Under the healthcare grant, Blanshard said in his memo, college vice presidents were to oversee project work on their respective campuses until a director was hired to oversee the entire program. Only the vice presidents at Trade-Tech were paid, he said. Barajas started getting paid in January 2014, and her payments increased — from $20,066 in 2014 to about $41,690 in 2016 — even though the director was hired in November 2014.
Trade-Tech’s president recently issued a statement defending the administrators, saying they helped develop an innovative program to better prepare hundreds of high school and college students for healthcare jobs. “They picked up major additional work in their separate roles as faculty on special assignment … and were appropriately compensated,” Frank said. “I am proud of the work we did and continue to accomplish.”
Barajas, in a written statement, said only that the program has “improved our ability to prepare hundreds of students for in-demand jobs.” Tarrant did not respond to an interview request. Blanshard declined to comment.
Barajas also was questioned in an internal investigation last year, which found that a pilot program in English and math she ran had falsified some grades.
The auditor found that 11 students who received credit for intermediate algebra had not passed the final exam. He said he could not determine the validity of five students’ English grades because Trade-Tech did not provide all information he requested. Barajas acknowledged at the time that she and her staff had made mistakes but said they subsequently corrected them.
Trade-Tech — the most prominent campus in the nation’s largest community college district that has drawn visits by former Presidents Obama and Clinton -- has been the focus of problems in the past, including grade fraud and embezzlement at an affiliated nonprofit foundation. In 2009, a regional accrediting agency placed the campus on probation for one year because of academic and staffing issues.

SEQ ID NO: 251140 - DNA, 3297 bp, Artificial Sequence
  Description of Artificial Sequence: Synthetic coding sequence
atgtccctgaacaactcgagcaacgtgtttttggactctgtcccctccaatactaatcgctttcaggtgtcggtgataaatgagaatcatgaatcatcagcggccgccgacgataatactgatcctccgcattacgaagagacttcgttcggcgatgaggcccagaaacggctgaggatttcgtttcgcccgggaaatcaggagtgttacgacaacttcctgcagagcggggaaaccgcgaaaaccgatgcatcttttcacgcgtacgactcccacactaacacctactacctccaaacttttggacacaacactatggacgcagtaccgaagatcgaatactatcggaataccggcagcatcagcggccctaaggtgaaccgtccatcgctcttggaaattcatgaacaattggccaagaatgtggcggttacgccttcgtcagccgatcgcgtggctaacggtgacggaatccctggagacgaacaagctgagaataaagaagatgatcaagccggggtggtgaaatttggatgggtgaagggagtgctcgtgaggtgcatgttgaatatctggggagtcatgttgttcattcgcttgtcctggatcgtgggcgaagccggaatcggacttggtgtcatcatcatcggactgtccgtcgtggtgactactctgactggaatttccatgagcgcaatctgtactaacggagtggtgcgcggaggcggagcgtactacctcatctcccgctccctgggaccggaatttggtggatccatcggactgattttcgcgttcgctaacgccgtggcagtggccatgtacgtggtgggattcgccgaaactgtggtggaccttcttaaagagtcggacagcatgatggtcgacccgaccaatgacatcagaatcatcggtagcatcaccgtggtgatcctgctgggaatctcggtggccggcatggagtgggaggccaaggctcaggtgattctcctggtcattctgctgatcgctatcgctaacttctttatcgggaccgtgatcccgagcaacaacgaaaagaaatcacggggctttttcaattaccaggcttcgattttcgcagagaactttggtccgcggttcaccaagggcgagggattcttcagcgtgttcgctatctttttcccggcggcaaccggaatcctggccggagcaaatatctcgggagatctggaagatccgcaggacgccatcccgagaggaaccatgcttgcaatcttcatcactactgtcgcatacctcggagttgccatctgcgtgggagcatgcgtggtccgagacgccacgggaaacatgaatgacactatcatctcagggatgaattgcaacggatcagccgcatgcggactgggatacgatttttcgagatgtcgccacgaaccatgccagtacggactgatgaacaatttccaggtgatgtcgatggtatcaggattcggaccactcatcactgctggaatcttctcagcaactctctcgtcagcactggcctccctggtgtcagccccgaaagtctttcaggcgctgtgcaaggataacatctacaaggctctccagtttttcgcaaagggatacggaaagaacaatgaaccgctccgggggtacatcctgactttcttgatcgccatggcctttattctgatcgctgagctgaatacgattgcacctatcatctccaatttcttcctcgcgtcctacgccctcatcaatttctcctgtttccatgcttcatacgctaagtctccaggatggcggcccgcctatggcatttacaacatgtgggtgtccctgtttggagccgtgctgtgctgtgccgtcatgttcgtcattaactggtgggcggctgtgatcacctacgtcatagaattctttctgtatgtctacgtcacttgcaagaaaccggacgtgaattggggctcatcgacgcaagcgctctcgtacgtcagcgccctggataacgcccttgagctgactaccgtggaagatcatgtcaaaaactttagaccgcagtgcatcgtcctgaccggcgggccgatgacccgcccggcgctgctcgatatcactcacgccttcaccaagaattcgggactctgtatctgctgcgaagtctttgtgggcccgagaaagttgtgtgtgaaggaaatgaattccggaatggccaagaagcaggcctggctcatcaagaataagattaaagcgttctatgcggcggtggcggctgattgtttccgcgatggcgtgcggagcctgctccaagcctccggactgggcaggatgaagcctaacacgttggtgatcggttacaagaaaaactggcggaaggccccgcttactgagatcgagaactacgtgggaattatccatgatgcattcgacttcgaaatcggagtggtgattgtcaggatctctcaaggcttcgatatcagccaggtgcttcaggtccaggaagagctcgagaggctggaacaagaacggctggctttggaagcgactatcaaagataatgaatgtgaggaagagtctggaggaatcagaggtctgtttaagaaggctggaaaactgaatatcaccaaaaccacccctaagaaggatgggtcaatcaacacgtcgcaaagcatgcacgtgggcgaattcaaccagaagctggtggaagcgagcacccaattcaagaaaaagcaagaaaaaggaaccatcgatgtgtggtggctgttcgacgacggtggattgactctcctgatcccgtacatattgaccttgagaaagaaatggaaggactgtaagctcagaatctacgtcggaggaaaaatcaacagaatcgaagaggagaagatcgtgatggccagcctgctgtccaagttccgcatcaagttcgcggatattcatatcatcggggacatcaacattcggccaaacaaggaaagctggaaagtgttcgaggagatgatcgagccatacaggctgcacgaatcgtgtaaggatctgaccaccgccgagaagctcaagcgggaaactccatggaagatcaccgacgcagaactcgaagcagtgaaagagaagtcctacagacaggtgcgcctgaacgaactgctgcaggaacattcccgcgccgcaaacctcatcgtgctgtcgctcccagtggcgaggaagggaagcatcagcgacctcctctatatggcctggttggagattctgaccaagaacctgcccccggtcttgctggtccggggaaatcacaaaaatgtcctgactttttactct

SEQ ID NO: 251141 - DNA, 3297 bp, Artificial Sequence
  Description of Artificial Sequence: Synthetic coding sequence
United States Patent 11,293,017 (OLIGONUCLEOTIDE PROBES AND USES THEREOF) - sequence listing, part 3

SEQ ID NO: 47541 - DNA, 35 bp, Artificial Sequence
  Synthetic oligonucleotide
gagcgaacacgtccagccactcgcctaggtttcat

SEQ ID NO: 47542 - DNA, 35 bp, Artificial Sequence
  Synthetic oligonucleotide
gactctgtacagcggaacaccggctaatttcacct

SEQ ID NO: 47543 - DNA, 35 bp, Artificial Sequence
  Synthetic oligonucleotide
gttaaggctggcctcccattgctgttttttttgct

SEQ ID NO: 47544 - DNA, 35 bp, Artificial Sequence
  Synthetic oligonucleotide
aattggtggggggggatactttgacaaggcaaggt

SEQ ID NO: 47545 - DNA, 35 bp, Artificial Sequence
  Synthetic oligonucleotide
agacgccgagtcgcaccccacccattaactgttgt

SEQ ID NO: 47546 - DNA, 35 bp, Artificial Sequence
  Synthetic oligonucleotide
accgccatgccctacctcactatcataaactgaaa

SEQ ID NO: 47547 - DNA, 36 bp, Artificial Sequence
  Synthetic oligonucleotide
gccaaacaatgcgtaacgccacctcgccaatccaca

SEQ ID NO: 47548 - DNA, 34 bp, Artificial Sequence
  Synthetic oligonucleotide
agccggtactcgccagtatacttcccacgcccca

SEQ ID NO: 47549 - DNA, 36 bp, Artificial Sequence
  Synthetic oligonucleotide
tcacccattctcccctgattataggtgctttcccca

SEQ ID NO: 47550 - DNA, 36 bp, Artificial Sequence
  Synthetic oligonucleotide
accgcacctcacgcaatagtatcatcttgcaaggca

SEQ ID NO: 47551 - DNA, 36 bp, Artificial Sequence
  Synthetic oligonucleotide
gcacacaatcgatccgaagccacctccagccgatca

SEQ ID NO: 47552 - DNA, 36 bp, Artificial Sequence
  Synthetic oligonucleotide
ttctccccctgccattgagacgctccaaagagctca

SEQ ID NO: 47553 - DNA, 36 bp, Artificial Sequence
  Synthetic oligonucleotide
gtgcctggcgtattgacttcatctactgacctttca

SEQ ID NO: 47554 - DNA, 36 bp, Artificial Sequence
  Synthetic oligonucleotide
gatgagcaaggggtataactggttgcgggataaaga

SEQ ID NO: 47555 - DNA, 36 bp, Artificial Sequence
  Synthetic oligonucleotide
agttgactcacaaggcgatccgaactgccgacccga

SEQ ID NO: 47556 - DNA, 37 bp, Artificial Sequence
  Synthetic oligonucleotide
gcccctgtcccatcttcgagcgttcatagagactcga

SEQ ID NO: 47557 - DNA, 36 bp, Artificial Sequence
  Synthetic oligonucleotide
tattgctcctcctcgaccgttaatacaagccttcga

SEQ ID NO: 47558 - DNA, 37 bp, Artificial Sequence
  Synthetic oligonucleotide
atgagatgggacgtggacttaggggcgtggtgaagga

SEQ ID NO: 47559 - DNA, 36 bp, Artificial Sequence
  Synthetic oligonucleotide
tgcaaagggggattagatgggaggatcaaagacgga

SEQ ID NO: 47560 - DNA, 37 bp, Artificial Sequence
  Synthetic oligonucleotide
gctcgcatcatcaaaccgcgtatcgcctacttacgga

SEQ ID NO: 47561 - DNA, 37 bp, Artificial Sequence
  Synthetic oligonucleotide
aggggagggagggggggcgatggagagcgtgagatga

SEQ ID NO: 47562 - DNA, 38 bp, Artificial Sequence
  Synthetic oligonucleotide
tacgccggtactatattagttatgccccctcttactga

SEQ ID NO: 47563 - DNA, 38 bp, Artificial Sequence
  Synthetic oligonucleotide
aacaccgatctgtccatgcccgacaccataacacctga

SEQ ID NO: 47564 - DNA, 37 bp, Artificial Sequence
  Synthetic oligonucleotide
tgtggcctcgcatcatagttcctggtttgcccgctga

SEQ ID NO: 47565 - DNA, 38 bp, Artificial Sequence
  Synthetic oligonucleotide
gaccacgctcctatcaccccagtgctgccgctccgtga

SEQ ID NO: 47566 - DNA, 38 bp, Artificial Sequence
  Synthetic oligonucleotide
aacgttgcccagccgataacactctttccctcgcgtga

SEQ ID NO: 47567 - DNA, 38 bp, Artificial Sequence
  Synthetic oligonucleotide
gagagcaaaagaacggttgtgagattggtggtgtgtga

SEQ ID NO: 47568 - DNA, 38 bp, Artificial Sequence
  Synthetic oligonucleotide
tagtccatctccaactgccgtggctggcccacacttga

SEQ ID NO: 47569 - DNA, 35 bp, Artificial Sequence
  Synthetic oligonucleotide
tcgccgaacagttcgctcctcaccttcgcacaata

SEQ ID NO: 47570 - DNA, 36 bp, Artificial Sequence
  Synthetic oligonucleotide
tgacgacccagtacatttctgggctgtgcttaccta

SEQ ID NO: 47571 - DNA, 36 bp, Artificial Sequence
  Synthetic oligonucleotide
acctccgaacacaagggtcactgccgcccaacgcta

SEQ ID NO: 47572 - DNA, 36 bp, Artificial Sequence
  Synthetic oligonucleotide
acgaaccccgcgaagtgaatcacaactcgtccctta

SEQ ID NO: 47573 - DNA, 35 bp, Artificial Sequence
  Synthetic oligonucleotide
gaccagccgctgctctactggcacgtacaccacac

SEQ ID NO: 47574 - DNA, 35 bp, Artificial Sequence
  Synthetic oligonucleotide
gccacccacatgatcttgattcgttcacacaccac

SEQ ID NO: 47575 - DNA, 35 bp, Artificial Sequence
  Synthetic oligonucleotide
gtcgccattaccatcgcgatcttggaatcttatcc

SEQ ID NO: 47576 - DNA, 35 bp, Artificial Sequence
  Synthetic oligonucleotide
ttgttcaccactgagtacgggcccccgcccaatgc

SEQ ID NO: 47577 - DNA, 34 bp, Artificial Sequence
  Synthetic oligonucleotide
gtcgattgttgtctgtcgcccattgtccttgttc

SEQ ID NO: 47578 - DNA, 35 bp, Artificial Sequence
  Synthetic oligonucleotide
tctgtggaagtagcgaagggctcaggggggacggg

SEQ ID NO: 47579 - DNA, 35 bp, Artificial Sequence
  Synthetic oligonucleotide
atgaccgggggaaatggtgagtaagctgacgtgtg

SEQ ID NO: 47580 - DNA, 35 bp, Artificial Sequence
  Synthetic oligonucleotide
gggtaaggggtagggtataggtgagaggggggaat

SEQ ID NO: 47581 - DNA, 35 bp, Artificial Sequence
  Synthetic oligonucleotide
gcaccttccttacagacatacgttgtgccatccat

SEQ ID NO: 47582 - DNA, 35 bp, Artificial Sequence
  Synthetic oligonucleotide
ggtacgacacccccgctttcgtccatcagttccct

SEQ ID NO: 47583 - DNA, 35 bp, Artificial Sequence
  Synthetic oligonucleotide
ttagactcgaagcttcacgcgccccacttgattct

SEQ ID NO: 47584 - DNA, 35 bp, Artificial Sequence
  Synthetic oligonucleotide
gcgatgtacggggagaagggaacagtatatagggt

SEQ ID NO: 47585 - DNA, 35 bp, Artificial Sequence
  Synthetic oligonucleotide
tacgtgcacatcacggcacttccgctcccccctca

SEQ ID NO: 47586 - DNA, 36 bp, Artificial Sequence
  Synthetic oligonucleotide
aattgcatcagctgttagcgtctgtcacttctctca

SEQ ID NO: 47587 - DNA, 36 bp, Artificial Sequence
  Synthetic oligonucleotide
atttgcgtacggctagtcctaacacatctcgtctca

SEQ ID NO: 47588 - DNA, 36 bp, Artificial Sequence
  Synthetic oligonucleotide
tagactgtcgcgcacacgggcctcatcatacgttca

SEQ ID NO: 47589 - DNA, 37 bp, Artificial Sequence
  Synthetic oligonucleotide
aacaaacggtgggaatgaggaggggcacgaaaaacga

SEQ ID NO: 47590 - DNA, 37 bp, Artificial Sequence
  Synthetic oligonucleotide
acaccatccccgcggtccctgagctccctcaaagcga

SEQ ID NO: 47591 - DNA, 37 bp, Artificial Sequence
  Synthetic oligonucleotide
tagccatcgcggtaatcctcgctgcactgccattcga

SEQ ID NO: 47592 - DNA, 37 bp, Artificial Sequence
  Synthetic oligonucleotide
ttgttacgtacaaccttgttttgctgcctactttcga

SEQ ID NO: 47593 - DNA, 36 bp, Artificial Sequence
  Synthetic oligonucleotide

But in recent years, Trade-Tech has improved the educational outcomes for many of its 12,700 students, three-fourths of whom are the first in their families to attend college. The percentage of students who achieved certificates, degrees or transfer status increased from 32.5% in 2011 to 38.6% in 2017, according to state data.
The campus also has won acclaim for developing programs to help students more quickly and efficiently earn credentials for careers including automotive technology and fashion design. The “guided pathways” programs provide clear road maps of courses to take, as well as counseling and online learning opportunities. College officials credit those programs with increasing the number of credentials earned from 845 in 2010 to 2,090 in 2017.
Those programs are overseen by Barajas, currently the vice president of pathway innovation and institutional effectiveness.
In its proposal for the healthcare grant, the district said only about 25% of 12,230 health sciences students who enrolled in 2006 were still on track five years later. To improve that rate, the colleges proposed a “health sciences foundation credential” for those who completed the digital badges and four courses, including basic medical terminology.
Backers hoped the credential would help students find entry-level work in healthcare and move on to earn certificates in any of 11 related programs that would train them for such jobs as respiratory therapists or dental technicians. They hoped some might also use the credential as a launching pad to earn a two-year associate degree or transfer to a four-year university.
In his memo, Blanshard recommended that the district better document work paid for by grants and establish rules that bar salaried employees from receiving additional money for work that overlaps with their regular college duties. Roman said the district has implemented the changes.